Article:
The double canonizations this Sunday of two great popes of the modern era will allow the Church to ponder essential continuities and help heal some of the divisions over the Second Vatican Council (1962-65) that followed. The short pontificate (1958-63) of John XXII — known as the ‘Good Pope’ — launched the Council, while the long papacy of John Paul II (1978-2005) consolidated an understanding of it that gave the Church a new sense of direction and unity. Because both papacies are icons of ‘progressive’ versus ‘conservative’, experienced church commentators (John Allen here, Francis X Rocca here) see the double canonizations as a call for unity between the two sides.
Even the date — 27 April, Divine Mercy Sunday — links not just the two popes with each other but with Francis too. John XXIII’s famous observation in his opening address to the Second Vatican Council that the modern Church favours ‘the medicine of mercy rather than of severity’, was echoed in John Paul II’s second encyclical, Dives in Misericordiae, a plea for mercy in the modern world; and it was John Paul II who instituted Divine Mercy Sunday. Pope Francis in one of his first interviews announced a “kairos of mercy”, and ‘mercy’ is the watchword of his papacy.
Nineteen heads of state and 24 prime ministers are expected to attend the canonization ceremony in St. Peter’s Square. But it will be a more sober affair than the three-day extravaganza that marked John Paul’s beatification, the last step before sainthood, in 2011. That two popes should be canonised together is a truly remarkable event: although 78 of the 265 popes who have preceded Pope Francis are recognised as saints, all bar five of are from the Church’s first millennium. Since the Church’s canonisation process was centralised in 1588, the only Pope to have been canonised was Pius X, who died in 1914 and was recognised as a saint in 1954.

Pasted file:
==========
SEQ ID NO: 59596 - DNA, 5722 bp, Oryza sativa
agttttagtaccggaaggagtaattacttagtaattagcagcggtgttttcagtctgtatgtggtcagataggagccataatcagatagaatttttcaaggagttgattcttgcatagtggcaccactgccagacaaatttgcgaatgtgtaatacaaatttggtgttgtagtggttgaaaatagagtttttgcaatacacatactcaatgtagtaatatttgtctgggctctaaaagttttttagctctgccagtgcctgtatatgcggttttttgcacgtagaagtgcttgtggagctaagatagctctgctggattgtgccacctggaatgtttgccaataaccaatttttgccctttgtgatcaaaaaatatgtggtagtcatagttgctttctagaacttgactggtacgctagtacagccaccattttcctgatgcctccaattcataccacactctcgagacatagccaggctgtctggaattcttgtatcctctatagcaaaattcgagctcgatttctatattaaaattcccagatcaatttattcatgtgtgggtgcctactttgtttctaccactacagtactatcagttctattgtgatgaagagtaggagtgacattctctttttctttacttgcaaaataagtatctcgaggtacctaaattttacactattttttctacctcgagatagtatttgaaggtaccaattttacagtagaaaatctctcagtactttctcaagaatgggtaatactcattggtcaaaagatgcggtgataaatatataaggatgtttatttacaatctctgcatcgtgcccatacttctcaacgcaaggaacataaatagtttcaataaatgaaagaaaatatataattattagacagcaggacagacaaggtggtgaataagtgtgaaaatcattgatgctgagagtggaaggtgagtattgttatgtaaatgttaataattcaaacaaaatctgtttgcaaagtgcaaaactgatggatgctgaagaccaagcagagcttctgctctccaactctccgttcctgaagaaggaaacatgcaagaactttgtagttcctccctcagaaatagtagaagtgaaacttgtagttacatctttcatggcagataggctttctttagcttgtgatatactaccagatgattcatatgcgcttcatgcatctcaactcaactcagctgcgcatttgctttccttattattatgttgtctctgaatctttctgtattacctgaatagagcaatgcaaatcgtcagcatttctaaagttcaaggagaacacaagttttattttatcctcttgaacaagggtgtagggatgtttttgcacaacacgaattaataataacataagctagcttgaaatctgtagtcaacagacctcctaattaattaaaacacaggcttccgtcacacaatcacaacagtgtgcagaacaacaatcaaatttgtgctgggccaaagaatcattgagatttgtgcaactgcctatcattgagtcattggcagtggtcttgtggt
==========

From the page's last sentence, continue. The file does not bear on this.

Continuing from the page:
What makes Sunday’s event unique is also the strong likelihood of Pope emeritus Benedict XVI attending — the first time two popes have been present at a canonisation. (Paul Elie at The Atlantic has a long article pondering the often surprising relationship between the two.) In July last year Francis described his first encyclical, Lumen Fidei, largely composed by his predecessor, as “the work of four hands”.
Vast numbers are expected to visit Rome for the canonisation — at least a million pilgrims, with wilder predictions of 5m. Most will watch the ceremony on large screens distributed throughout the city, with many millions more around the world watching on television, or through websites such as Salt and Light and Aleteia, and even in the cinema. The Vatican Television Centre will be working with the likes of Sky and Sony, using up to 33 cameras and 9 satellites – more than were used for the 2014 Sochi Olympics – to broadcast the event, which will be shown in about 500 cinemas around the world, 47 of them in the UK alone.
Catholic Voices will be commenting on Sunday’s historic event both from Rome and in studios in the UK, while giving background in posts on this blog. Follow us on Twitter (@CatholicVoices) for updates.